Also, pictured below--her performing Jessye Norman (the opera singer) wonderful to see Smith put on Norman's regal diva mannerisms).

It took a little while to get past the artifice of rapidly-changing characters, but the play was cleverly structured, easing its way in with a more descriptive piece (the history of the song Amazing Grace--written by a former repentant slave trader, a fact that I was unaware of.) There was a mixture of topics (American health care, the Rwandan genocide)--some critics found it to be unfocused, which might be true, given the tight focus of her previous works (Crown Heights, Rodney King).

By bizarre coincidence, at the play, we ran into two of Judy's friends--the same one we ran into randomly when we went to see Copenhagen at the ART. Dinner at Casablanca together followed.

On Saturday, unfortunately, I had to head to the office, to get some work done for a Monday conference call. Happily, though, it turned out to be less work than I expected--it did not end up destroying the entire afternoon.

Dan and Daniel (from KW) were in town for a wedding, so that evening, they came up to Arlington to have dinner at Prose--I've been here a few times before, and I like their emphasis on local, interesting food and quirkiness (the reviews on that page are pretty informative). However, be well aware that it's not a place to go if you are in a rush--from sitting down to leaving was about three hours. And that included a teaser of two of three entrees landing in front of us, and then being whisked away when they realized they had the wrong table.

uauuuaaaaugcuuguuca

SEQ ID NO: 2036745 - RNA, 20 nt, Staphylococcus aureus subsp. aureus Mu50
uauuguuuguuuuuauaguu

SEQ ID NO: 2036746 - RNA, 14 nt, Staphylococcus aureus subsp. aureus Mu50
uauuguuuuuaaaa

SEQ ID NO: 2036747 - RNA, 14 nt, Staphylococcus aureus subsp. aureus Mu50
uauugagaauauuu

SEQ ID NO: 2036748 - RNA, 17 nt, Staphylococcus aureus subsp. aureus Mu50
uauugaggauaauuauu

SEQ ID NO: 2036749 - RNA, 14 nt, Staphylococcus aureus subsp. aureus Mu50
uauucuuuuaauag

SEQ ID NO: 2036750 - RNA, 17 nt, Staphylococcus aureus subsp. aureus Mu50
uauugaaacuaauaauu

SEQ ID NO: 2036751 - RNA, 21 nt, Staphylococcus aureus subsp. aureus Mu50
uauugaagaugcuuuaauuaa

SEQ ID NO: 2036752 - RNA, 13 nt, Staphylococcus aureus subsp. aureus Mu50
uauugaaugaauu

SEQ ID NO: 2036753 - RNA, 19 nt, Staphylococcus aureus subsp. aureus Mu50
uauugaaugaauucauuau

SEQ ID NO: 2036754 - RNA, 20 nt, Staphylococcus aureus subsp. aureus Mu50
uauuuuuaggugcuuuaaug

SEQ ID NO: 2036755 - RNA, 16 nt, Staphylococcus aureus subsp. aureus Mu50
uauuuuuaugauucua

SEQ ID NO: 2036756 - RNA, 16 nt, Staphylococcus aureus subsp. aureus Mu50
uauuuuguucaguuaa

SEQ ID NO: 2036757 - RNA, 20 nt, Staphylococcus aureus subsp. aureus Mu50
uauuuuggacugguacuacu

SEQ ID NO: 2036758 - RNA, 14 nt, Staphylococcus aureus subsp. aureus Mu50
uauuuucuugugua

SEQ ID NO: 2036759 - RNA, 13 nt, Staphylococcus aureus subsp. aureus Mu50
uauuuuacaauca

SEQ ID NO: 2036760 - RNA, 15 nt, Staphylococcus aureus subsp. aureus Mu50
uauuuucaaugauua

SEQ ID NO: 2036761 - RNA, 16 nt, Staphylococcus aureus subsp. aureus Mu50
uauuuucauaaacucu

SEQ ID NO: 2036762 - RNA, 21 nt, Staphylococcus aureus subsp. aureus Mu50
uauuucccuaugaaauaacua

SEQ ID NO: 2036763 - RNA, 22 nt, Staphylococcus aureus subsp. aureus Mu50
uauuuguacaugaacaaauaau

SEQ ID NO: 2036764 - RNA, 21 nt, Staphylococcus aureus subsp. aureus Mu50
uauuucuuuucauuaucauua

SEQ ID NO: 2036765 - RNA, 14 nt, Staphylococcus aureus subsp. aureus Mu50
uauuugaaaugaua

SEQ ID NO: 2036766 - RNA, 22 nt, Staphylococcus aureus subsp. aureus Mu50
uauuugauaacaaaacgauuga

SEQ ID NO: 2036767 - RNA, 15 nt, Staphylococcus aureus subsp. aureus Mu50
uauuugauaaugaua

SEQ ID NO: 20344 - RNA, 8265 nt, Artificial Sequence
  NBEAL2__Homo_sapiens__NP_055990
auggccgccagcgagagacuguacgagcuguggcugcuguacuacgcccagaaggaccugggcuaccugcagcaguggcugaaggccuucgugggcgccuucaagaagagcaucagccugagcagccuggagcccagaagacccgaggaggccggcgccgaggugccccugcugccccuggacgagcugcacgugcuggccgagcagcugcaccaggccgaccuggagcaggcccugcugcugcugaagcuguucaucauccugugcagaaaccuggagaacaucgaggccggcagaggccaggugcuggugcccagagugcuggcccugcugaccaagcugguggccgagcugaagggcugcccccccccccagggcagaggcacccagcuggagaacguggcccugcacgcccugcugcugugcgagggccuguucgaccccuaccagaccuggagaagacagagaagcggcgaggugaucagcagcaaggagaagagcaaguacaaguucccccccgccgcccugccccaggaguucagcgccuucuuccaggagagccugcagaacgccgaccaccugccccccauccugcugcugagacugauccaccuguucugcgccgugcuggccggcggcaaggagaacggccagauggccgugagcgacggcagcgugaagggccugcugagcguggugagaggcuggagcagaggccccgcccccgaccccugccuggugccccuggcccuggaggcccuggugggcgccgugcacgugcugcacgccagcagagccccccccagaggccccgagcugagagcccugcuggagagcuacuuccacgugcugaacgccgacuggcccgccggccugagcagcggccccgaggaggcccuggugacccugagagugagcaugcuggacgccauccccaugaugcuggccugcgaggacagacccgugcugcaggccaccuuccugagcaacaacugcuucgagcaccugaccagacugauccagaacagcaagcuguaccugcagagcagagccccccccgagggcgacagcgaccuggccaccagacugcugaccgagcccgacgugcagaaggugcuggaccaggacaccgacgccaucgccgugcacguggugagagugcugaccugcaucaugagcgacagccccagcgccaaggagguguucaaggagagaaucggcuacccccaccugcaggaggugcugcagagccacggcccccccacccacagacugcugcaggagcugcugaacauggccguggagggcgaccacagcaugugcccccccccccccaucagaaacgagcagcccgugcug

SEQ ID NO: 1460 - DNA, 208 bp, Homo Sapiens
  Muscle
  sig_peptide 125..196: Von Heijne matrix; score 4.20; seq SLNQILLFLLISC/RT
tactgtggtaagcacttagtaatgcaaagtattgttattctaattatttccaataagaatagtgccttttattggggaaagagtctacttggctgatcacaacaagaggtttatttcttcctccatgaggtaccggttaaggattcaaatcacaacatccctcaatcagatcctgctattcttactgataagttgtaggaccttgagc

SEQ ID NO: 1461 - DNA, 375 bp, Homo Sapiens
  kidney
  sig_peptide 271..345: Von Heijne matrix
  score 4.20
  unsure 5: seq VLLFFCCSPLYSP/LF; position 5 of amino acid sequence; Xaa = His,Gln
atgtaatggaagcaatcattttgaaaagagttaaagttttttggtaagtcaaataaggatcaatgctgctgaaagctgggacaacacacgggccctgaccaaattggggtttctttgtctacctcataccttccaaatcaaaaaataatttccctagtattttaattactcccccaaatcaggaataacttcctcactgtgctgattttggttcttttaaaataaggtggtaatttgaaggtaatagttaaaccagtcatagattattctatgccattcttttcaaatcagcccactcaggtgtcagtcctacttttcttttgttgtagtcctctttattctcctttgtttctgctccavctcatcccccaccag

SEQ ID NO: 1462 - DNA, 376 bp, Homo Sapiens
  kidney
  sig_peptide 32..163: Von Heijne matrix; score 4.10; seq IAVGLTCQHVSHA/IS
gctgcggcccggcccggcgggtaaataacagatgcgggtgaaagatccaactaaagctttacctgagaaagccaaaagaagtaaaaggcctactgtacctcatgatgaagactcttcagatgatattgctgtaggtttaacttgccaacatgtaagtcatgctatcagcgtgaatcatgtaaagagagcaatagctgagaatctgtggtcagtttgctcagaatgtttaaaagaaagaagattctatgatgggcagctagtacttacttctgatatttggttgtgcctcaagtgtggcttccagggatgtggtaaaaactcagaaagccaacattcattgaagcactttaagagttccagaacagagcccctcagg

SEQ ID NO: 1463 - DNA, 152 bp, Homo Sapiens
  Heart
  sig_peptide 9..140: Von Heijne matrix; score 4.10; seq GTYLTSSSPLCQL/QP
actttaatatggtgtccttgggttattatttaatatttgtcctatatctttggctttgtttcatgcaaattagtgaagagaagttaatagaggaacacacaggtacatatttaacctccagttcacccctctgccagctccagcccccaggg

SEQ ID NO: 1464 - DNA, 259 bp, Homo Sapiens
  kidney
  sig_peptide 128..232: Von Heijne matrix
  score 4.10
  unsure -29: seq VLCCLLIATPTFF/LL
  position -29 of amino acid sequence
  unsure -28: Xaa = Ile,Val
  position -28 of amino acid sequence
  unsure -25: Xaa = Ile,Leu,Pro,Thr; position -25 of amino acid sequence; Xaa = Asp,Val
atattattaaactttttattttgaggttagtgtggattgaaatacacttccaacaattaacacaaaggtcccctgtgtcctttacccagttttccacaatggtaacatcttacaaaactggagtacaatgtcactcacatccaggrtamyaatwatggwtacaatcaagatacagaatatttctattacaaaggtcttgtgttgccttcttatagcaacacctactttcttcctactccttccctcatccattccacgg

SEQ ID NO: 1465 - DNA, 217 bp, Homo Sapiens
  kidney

The tagliatele was a little bit of a disappointment that night--rolled very thick, and the inside had a bit of an uncooked dough texture. But the sauce was delicious (mmmm... cream.... Serrano ham...), as was the black bean soup appetizer.

I was amused by their take on the standard rote Massachusetts-mandated warning: Consuming rare or undercooked meats, poultry, seafood, shellfish, or eggs may increase your risk of foodborne illness, court jesterism, paranormal activity, not calling one's mother often enough, and not returning one's graduation garb on time.

It was wonderful to catch up with Dan and Daniel--I realized that I really miss having leisurely rambling conversations with them. Dan tried quite hard to convince me that I needed to move back up to K-W. I'm glad I'll be seeing them in, uh... three weeks, I think.

Sunday was a coffee hour, celebrating anteejean's birthday. Many people, many bagels, lots of food, lingering on into the afternoon. Good times. A mixture of Tep folks, Jean's work friends, yarn friends, and cat folks (one of the people who runs St. Meows).

Random Tech Notes

Two random tech items tonight:

Many thanks to Jofish for his recommendation on solving my DVD-R hardware problem:

You may need to buy a new drive. Newegg has this for $21 shipped right now:


It arrived a few days after ordering; the bigger delay was getting my butt over to MicroCenter for a 4-pin molex connector to SATA power adapter. Pretty amazing: I plugged it in, and it worked--no scavenging for the right driver, installing, removing, reinstalling--what I expect for Windows hardware installs. It works, it burns DVDs. Go newegg!

Second, while running the energy simulation software I use all the time at work, I got the following error message:

Wow... hadn't seen that one before... it gave me a bit of a chuckle, despite crashing the program.